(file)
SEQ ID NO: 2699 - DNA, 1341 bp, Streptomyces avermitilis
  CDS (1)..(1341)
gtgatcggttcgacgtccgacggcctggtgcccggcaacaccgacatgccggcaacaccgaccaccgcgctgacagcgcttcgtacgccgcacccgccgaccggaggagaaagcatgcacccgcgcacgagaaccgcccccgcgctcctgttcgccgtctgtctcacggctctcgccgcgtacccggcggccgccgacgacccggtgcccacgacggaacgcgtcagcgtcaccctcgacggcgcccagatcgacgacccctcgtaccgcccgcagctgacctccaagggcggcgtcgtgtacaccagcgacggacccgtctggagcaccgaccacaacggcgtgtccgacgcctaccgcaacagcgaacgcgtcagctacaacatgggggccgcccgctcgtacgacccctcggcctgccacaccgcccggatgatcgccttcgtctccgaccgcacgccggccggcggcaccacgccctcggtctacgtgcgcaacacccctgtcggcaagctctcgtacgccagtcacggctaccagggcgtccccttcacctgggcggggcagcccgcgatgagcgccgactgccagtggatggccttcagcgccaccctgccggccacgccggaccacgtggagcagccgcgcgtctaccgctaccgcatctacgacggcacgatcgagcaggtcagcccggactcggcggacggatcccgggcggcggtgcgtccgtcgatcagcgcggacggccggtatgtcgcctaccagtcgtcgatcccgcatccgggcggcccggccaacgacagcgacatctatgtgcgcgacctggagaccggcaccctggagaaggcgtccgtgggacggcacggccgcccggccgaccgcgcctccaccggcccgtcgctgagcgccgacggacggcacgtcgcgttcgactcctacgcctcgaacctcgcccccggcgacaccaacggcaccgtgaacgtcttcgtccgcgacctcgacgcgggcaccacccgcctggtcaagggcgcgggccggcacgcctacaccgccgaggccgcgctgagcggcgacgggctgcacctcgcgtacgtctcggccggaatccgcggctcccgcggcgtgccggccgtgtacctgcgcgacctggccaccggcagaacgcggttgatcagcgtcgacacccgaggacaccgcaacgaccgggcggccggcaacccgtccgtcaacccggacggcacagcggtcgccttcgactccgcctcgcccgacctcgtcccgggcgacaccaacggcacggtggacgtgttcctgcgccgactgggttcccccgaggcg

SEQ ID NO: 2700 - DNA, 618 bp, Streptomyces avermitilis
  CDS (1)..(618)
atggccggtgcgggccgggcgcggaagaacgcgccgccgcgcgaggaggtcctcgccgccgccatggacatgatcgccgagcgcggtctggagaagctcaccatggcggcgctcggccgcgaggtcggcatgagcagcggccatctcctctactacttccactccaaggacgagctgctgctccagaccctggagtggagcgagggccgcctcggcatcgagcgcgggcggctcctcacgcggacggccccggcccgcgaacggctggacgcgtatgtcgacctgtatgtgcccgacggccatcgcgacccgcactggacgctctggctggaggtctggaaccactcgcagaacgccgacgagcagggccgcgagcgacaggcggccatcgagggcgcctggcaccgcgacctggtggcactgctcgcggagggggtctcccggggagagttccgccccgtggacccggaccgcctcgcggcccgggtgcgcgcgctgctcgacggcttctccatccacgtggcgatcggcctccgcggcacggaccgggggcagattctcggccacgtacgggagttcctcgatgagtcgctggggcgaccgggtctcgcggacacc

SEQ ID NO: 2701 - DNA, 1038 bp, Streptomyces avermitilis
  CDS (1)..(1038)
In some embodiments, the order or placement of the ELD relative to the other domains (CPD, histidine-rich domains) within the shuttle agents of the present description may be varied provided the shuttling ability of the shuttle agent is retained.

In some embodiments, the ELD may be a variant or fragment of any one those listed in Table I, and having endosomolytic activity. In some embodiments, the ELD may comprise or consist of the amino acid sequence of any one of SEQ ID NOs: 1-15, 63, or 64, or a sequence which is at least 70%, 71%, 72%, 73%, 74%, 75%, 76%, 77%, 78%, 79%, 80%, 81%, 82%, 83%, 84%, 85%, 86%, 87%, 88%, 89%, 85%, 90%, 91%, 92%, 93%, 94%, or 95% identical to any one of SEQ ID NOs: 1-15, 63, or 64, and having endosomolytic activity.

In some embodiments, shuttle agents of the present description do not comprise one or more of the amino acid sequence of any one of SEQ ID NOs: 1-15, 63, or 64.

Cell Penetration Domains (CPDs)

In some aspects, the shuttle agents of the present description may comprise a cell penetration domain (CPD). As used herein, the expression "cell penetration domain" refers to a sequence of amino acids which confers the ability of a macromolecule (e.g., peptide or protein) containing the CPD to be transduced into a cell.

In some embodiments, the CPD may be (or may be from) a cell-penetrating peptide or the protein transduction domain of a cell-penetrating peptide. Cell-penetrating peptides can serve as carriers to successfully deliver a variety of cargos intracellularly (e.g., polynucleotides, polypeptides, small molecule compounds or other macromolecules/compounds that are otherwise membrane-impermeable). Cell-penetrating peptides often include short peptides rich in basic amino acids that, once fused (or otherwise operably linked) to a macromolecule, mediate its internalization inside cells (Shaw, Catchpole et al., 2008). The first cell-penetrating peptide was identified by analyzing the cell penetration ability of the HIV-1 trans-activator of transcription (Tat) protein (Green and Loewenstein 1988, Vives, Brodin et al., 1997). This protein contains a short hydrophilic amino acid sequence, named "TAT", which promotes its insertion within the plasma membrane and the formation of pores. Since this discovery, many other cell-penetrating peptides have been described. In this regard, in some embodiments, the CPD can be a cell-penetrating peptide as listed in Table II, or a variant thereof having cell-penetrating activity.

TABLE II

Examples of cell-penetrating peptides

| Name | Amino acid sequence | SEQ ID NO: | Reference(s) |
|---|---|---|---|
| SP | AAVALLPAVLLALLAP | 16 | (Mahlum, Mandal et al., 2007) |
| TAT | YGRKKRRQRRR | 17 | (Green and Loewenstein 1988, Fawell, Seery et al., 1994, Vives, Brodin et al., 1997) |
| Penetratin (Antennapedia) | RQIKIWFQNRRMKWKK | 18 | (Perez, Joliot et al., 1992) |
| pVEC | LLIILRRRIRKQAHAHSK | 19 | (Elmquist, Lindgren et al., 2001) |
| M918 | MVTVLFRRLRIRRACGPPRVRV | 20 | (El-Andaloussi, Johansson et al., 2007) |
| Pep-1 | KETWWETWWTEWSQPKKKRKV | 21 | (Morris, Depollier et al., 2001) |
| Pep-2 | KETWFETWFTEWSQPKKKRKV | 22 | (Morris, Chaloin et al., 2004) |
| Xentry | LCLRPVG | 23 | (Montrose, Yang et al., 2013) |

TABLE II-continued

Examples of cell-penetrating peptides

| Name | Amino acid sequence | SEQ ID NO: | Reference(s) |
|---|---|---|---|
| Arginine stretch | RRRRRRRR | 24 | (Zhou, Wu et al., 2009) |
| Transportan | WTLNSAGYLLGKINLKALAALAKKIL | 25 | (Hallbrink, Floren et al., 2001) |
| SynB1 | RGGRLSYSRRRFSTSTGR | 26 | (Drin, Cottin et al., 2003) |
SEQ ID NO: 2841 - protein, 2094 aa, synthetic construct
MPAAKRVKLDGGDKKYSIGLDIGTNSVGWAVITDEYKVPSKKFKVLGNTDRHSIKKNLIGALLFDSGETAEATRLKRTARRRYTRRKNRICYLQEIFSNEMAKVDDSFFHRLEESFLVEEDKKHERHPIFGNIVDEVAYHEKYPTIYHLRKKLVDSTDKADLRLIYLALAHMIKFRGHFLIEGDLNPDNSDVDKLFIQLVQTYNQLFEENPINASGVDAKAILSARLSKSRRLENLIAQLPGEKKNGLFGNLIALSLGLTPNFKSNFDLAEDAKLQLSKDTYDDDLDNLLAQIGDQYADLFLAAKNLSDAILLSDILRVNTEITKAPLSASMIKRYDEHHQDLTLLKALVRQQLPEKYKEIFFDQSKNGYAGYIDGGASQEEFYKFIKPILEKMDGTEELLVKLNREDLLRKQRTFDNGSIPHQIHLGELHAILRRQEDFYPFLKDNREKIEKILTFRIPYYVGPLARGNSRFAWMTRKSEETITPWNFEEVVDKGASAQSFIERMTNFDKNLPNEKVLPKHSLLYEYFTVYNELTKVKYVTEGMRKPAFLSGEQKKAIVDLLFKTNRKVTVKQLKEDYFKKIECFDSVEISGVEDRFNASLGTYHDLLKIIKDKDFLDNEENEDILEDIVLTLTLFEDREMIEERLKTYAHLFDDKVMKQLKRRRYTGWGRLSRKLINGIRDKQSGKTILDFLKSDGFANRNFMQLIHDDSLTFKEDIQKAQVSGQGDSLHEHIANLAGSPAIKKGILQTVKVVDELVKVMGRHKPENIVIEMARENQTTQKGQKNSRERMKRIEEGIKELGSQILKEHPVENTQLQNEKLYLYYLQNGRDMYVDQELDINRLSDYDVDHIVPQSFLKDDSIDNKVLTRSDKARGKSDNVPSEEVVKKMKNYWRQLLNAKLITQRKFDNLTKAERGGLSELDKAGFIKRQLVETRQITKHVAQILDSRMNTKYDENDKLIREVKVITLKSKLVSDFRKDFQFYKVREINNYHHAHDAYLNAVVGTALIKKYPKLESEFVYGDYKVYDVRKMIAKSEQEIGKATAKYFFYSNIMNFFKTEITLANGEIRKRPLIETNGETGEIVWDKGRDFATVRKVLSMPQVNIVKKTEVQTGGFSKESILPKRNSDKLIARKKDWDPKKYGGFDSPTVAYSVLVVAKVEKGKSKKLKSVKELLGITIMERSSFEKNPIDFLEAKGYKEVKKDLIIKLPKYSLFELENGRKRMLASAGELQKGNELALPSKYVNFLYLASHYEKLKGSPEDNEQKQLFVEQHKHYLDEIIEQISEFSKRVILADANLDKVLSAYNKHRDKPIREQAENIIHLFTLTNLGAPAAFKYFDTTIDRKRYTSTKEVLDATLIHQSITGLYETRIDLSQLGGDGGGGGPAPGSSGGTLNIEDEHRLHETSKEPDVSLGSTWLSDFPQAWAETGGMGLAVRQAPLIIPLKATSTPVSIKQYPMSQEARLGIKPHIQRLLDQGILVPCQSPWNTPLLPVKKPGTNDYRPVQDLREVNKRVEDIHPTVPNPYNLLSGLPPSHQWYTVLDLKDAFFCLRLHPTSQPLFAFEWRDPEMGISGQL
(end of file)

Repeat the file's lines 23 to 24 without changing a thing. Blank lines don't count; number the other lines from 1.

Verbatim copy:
| M918 | MVTVLFRRLRIRRACGPPRVRV | 20 | (El-Andaloussi, Johansson et al., 2007) |
| Pep-1 | KETWWETWWTEWSQPKKKRKV | 21 | (Morris, Depollier et al., 2001) |